Tag Archives: sad

‘Avec le temps’ by Leo Ferre

Avec le temps…
Avec le temps, va, tout s’en va
On oublie le visage et l’on oublie la voix
Le coeur, quand ça bat plus, c’est pas la peine d’aller
Chercher plus loin, faut laisser faire et c’est très bien

Avec le temps…
Avec le temps, va, tout s’en va
L’autre qu’on adorait, qu’on cherchait sous la pluie
L’autre qu’on devinait au détour d’un regard
Entre les mots, entre les lignes et sous le fard
D’un serment maquillé qui s’en va faire sa nuit
Avec le temps tout s’évanouit

Avec le temps…
Avec le temps, va, tout s’en va
Même les plus chouettes souvenirs, ça, t’as une de ces gueules
A la gallerie j’farfouille dans les rayons d’la mort
Le samedi soir quand la tendresse s’en va toute seule Continue reading ‘Avec le temps’ by Leo Ferre

‘Don’t go far off’ by Pablo Neruda

Don’t go far off, not even for a day, because —
because — I don’t know how to say it: a day is long
and I will be waiting for you, as in an empty station
when the trains are parked off somewhere else, asleep.

Don’t leave me, even for an hour, because
then the little drops of anguish will all run together,
the smoke that roams looking for a home will drift
into me, choking my lost heart.

Oh, may your silhouette never dissolve on the beach;
may your eyelids never flutter into the empty distance.

Don’t leave me for a second, my dearest,

because in that moment you’ll have gone so far
I’ll wander mazily over all the earth, asking,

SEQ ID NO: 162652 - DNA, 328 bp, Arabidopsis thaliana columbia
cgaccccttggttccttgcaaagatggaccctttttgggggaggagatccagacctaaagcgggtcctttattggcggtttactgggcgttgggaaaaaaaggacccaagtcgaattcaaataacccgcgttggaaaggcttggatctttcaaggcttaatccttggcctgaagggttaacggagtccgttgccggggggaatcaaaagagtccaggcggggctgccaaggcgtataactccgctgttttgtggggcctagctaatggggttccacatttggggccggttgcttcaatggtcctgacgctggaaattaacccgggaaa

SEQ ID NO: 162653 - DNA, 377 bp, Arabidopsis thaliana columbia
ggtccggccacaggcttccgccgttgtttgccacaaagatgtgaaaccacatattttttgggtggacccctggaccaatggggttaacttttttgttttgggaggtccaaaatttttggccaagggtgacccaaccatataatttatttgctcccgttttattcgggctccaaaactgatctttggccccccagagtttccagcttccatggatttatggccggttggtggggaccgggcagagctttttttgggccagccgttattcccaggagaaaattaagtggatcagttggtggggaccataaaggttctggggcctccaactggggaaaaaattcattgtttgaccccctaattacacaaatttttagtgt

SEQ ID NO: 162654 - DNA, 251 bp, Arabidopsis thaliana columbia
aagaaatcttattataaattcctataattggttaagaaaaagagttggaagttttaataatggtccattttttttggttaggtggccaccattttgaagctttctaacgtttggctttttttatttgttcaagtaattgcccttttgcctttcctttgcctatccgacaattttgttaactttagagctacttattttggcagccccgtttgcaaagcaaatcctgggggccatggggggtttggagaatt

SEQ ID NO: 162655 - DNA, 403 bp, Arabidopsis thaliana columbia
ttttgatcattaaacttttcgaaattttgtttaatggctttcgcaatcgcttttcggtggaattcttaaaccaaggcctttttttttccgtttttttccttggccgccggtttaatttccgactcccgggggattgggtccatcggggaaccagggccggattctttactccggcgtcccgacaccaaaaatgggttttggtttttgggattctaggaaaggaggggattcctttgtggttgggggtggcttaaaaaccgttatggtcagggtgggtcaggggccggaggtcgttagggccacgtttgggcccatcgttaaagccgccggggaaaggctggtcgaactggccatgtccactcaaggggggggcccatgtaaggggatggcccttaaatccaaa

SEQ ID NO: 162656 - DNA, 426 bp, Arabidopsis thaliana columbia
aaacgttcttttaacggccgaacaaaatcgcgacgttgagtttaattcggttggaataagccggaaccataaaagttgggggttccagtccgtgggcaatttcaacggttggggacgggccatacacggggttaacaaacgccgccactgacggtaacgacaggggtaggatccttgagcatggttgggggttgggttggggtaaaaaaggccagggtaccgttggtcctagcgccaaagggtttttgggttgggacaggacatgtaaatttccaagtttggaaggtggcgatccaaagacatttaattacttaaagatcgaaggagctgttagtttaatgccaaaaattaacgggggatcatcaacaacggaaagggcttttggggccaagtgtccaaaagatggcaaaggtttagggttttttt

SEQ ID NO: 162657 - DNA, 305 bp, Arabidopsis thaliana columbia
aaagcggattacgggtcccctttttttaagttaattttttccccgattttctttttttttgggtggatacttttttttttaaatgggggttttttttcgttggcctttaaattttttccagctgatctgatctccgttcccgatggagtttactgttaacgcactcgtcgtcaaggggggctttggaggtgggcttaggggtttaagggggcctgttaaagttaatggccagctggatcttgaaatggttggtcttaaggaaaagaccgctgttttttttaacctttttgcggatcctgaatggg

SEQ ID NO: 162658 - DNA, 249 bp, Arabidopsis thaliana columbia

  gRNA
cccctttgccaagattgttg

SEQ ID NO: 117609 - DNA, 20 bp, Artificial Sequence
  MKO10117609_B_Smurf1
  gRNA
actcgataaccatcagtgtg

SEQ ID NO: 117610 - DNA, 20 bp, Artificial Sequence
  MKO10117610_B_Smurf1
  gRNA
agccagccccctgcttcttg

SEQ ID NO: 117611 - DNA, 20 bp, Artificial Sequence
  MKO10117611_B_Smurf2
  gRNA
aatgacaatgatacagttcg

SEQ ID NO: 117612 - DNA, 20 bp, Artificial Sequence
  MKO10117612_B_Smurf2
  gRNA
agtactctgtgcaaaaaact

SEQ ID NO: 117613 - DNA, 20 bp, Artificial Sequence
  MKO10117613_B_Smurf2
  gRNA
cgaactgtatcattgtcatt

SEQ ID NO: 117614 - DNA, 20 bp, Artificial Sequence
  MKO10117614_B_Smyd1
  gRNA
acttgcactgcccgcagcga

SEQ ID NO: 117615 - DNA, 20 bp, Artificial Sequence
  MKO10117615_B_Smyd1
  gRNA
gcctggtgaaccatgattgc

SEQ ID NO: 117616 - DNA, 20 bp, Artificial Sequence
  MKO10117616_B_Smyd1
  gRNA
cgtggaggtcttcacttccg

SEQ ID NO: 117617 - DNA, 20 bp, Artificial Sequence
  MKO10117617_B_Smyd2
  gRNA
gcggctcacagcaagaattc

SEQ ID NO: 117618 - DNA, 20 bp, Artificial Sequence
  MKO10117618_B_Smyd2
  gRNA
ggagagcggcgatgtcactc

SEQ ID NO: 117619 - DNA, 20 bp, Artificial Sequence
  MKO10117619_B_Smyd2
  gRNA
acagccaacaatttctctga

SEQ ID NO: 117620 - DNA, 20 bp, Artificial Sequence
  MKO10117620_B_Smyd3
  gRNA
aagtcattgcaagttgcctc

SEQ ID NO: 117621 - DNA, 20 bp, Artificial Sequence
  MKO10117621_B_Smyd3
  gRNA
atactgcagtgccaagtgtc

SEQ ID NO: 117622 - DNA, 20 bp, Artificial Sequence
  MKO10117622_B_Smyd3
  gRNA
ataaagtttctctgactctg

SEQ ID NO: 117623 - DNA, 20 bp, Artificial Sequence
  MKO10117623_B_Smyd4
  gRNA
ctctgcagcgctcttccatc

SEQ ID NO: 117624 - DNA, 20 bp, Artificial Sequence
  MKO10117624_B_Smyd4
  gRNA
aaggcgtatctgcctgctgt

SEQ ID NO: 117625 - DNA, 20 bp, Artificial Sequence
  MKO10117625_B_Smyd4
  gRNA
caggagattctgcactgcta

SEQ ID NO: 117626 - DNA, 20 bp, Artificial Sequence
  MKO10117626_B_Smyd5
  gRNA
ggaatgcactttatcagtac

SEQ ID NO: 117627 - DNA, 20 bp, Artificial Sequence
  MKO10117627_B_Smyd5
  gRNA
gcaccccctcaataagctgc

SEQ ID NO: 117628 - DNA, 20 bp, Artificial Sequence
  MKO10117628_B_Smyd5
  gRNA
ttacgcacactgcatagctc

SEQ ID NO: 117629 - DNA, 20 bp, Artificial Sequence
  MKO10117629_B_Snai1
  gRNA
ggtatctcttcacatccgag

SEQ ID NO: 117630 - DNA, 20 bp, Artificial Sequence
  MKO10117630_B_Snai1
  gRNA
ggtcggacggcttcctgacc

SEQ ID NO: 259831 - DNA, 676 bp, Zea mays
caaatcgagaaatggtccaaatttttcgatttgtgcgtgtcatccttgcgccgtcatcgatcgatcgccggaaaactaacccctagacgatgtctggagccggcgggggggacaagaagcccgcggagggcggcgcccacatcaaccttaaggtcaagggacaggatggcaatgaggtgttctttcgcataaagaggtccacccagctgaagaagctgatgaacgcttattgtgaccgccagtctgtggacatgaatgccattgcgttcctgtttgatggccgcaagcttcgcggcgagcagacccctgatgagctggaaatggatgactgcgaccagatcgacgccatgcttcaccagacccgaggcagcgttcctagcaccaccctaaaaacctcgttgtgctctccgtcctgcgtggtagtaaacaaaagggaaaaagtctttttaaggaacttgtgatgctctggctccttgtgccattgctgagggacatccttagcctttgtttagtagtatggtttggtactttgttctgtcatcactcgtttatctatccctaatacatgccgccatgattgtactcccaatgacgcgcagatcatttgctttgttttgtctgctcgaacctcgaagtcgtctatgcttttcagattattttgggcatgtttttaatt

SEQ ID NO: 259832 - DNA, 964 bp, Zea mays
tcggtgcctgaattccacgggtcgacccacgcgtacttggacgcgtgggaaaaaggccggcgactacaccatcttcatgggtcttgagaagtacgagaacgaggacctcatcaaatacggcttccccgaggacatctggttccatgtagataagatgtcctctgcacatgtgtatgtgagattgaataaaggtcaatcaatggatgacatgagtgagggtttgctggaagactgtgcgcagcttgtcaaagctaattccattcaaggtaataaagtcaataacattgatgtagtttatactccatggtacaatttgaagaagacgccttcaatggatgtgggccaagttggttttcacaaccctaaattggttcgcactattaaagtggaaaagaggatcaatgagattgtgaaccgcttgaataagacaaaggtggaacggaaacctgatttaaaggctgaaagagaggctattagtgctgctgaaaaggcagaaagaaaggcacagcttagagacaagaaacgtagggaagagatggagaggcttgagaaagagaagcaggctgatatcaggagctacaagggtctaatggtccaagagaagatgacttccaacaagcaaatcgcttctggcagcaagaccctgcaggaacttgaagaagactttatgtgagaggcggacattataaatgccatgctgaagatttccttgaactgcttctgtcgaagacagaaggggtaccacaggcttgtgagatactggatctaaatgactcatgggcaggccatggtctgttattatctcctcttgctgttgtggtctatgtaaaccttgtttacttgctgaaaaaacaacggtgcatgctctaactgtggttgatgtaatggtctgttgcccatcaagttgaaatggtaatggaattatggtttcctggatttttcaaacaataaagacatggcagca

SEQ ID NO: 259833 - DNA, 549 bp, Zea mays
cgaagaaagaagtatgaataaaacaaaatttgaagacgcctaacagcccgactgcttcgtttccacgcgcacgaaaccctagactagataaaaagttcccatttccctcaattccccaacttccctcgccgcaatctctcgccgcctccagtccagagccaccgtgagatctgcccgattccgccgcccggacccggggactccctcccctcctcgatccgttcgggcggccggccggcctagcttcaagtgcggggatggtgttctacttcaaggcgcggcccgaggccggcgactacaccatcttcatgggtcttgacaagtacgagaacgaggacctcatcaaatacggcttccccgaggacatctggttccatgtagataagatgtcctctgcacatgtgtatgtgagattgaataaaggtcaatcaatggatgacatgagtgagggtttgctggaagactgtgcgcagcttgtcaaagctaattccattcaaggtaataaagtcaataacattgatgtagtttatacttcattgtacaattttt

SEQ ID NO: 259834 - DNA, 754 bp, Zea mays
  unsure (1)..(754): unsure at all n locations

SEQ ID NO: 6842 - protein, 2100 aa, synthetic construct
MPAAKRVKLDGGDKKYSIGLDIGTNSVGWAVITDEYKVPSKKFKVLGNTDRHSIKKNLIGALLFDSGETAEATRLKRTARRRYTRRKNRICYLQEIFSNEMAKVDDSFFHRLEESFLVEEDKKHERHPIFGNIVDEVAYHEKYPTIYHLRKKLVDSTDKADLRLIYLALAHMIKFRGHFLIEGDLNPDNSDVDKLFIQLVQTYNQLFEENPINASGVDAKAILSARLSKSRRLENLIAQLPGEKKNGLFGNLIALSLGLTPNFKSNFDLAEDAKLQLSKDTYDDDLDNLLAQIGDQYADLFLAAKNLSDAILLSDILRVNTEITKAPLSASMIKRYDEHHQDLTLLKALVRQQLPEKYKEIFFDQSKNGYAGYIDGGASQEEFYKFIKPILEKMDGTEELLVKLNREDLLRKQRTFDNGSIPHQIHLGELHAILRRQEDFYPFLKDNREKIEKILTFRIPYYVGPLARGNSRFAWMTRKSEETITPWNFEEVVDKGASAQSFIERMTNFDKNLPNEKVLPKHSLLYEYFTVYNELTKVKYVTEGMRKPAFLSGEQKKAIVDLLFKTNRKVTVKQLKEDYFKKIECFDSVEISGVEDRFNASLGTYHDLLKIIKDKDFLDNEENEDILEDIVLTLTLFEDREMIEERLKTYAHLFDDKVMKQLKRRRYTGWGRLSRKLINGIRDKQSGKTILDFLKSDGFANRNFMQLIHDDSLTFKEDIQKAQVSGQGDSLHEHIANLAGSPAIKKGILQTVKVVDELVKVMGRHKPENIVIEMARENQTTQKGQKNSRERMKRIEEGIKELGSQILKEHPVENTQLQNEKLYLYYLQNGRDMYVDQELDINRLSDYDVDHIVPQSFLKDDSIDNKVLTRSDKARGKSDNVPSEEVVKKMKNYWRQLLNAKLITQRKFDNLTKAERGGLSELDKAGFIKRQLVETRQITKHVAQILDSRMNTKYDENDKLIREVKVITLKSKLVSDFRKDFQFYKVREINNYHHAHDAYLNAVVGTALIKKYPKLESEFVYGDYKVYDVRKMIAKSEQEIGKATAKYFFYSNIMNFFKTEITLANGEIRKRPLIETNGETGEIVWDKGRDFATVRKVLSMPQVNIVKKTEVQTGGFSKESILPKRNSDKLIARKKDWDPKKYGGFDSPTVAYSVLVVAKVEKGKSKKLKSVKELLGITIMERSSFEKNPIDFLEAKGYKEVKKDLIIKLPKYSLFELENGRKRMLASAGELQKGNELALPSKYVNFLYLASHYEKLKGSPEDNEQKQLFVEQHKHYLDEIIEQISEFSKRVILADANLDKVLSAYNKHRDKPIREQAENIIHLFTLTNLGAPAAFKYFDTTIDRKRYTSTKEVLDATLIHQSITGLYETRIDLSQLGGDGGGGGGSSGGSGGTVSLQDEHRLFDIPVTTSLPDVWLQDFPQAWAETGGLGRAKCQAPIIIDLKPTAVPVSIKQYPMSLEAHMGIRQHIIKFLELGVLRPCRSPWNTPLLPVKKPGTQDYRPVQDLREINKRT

Will you come back? Will you leave me here, dying?

Continue reading ‘Don’t go far off’ by Pablo Neruda

‘I thought of you’ by Sara Teasdale

I thought of you and how you love this beauty,
And walking up the long beach all alone
I heard the waves breaking in measured thunder
As you and I once heard their monotone.

Around me were the echoing dunes, beyond me
The cold and sparkling silver of the sea –
We two will pass through death and ages lengthen
Before you hear that sound again with me.

Here is a poem by Sara Teasdale, whose work never fails to touch me with its simplicity and its beauty. This is, of course, a very sad poem, because it evokes a love that is in many ways impossible (the lovers will never meet again in this life). I think it delivers an incredibly true sense of what it is to be separated from the one you love, and describes so beautifully the simplicity of what it is we need or miss in that person when they are gone…

In the poem, the poet is walking along the beach “all alone”, surrounded by the “beauty” of the “echoing dunes,” and the “cold and sparkling silver of the sea”. The scene is beautiful, but nonetheless empty and cold, and her heart is full of the one who she longs to share her experience with. She tells us that she and her loved one will “pass through death and ages lengthen” before they can listen to the sound of the waves again together.

This a terribly sad scene that is presented in Teasdale’s poem, but what I love about this is the simplicity of what the speaker longs for. This is what we miss when our Other is far away: just their presence. All the poet wants in this poem is to hear the waves with him… to see this scene with him…  it’s just the togetherness that matters to her. I love this because there’s nothing fancy about it, and that feels real and true to me.

Reviewed by Emily Ardagh